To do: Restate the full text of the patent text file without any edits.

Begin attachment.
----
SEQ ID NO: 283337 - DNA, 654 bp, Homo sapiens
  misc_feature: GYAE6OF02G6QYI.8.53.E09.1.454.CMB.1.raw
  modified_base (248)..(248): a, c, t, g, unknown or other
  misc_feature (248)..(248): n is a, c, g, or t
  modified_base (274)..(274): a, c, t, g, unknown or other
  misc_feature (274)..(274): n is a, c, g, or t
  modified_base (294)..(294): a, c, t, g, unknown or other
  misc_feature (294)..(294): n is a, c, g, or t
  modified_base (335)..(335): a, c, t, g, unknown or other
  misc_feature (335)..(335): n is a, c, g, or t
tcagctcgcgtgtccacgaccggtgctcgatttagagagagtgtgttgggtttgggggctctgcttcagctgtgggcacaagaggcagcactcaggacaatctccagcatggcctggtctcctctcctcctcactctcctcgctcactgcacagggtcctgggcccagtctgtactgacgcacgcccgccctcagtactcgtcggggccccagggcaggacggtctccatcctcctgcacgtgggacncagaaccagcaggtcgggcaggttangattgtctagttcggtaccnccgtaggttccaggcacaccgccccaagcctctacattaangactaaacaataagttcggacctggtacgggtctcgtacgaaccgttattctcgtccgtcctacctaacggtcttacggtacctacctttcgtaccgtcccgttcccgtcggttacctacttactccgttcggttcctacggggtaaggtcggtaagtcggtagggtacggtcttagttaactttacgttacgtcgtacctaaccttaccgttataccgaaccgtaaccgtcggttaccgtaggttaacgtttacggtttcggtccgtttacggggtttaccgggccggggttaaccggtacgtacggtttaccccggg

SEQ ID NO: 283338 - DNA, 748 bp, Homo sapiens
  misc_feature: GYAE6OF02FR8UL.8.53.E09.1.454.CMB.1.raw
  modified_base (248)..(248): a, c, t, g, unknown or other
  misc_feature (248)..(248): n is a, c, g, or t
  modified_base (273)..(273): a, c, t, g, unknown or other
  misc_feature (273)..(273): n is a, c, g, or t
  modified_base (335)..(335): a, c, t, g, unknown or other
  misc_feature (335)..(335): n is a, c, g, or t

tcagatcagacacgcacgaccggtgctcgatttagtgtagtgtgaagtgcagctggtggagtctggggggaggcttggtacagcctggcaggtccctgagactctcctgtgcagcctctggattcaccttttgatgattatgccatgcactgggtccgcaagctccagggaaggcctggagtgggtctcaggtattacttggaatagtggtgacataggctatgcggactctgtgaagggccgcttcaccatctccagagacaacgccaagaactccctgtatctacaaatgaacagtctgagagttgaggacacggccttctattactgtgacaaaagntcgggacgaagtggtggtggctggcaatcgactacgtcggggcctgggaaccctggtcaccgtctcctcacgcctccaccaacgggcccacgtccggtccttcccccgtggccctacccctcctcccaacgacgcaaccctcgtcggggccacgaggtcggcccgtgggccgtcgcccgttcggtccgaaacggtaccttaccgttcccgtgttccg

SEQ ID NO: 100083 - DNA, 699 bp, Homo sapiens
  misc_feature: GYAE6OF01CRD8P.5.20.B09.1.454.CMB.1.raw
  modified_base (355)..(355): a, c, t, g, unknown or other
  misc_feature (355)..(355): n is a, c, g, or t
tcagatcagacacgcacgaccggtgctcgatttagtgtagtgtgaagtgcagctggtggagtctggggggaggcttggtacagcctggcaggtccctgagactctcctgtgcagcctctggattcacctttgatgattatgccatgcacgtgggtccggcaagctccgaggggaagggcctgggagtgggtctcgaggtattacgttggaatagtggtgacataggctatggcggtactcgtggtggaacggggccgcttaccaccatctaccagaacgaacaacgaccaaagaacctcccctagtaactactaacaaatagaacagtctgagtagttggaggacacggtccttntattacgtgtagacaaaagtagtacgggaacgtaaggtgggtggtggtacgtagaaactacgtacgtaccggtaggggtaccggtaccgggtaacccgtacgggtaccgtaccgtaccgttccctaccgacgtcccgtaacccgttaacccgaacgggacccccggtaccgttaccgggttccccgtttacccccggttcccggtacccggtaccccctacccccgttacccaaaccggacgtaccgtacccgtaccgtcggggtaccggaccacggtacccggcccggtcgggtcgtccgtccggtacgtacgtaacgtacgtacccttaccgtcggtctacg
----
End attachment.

SEQ ID NO: 283337 - DNA, 654 bp, Homo sapiens
  misc_feature: GYAE6OF02G6QYI.8.53.E09.1.454.CMB.1.raw
  modified_base (248)..(248): a, c, t, g, unknown or other
  misc_feature (248)..(248): n is a, c, g, or t
  modified_base (274)..(274): a, c, t, g, unknown or other
  misc_feature (274)..(274): n is a, c, g, or t
  modified_base (294)..(294): a, c, t, g, unknown or other
  misc_feature (294)..(294): n is a, c, g, or t
  modified_base (335)..(335): a, c, t, g, unknown or other
  misc_feature (335)..(335): n is a, c, g, or t
tcagctcgcgtgtccacgaccggtgctcgatttagagagagtgtgttgggtttgggggctctgcttcagctgtgggcacaagaggcagcactcaggacaatctccagcatggcctggtctcctctcctcctcactctcctcgctcactgcacagggtcctgggcccagtctgtactgacgcacgcccgccctcagtactcgtcggggccccagggcaggacggtctccatcctcctgcacgtgggacncagaaccagcaggtcgggcaggttangattgtctagttcggtaccnccgtaggttccaggcacaccgccccaagcctctacattaangactaaacaataagttcggacctggtacgggtctcgtacgaaccgttattctcgtccgtcctacctaacggtcttacggtacctacctttcgtaccgtcccgttcccgtcggttacctacttactccgttcggttcctacggggtaaggtcggtaagtcggtagggtacggtcttagttaactttacgttacgtcgtacctaaccttaccgttataccgaaccgtaaccgtcggttaccgtaggttaacgtttacggtttcggtccgtttacggggtttaccgggccggggttaaccggtacgtacggtttaccccggg

SEQ ID NO: 283338 - DNA, 748 bp, Homo sapiens
  misc_feature: GYAE6OF02FR8UL.8.53.E09.1.454.CMB.1.raw
  modified_base (248)..(248): a, c, t, g, unknown or other
  misc_feature (248)..(248): n is a, c, g, or t
  modified_base (273)..(273): a, c, t, g, unknown or other
  misc_feature (273)..(273): n is a, c, g, or t
  modified_base (335)..(335): a, c, t, g, unknown or other
  misc_feature (335)..(335): n is a, c, g, or t

tcagatcagacacgcacgaccggtgctcgatttagtgtagtgtgaagtgcagctggtggagtctggggggaggcttggtacagcctggcaggtccctgagactctcctgtgcagcctctggattcaccttttgatgattatgccatgcactgggtccgcaagctccagggaaggcctggagtgggtctcaggtattacttggaatagtggtgacataggctatgcggactctgtgaagggccgcttcaccatctccagagacaacgccaagaactccctgtatctacaaatgaacagtctgagagttgaggacacggccttctattactgtgacaaaagntcgggacgaagtggtggtggctggcaatcgactacgtcggggcctgggaaccctggtcaccgtctcctcacgcctccaccaacgggcccacgtccggtccttcccccgtggccctacccctcctcccaacgacgcaaccctcgtcggggccacgaggtcggcccgtgggccgtcgcccgttcggtccgaaacggtaccttaccgttcccgtgttccg

SEQ ID NO: 100083 - DNA, 699 bp, Homo sapiens
  misc_feature: GYAE6OF01CRD8P.5.20.B09.1.454.CMB.1.raw
  modified_base (355)..(355): a, c, t, g, unknown or other
  misc_feature (355)..(355): n is a, c, g, or t
tcagatcagacacgcacgaccggtgctcgatttagtgtagtgtgaagtgcagctggtggagtctggggggaggcttggtacagcctggcaggtccctgagactctcctgtgcagcctctggattcacctttgatgattatgccatgcacgtgggtccggcaagctccgaggggaagggcctgggagtgggtctcgaggtattacgttggaatagtggtgacataggctatggcggtactcgtggtggaacggggccgcttaccaccatctaccagaacgaacaacgaccaaagaacctcccctagtaactactaacaaatagaacagtctgagtagttggaggacacggtccttntattacgtgtagacaaaagtagtacgggaacgtaaggtgggtggtggtacgtagaaactacgtacgtaccggtaggggtaccggtaccgggtaacccgtacgggtaccgtaccgtaccgttccctaccgacgtcccgtaacccgttaacccgaacgggacccccggtaccgttaccgggttccccgtttacccccggttcccggtacccggtaccccctacccccgttacccaaaccggacgtaccgtacccgtaccgtcggggtaccggaccacggtacccggcccggtcgggtcgtccgtccggtacgtacgtaacgtacgtacccttaccgtcggtctacg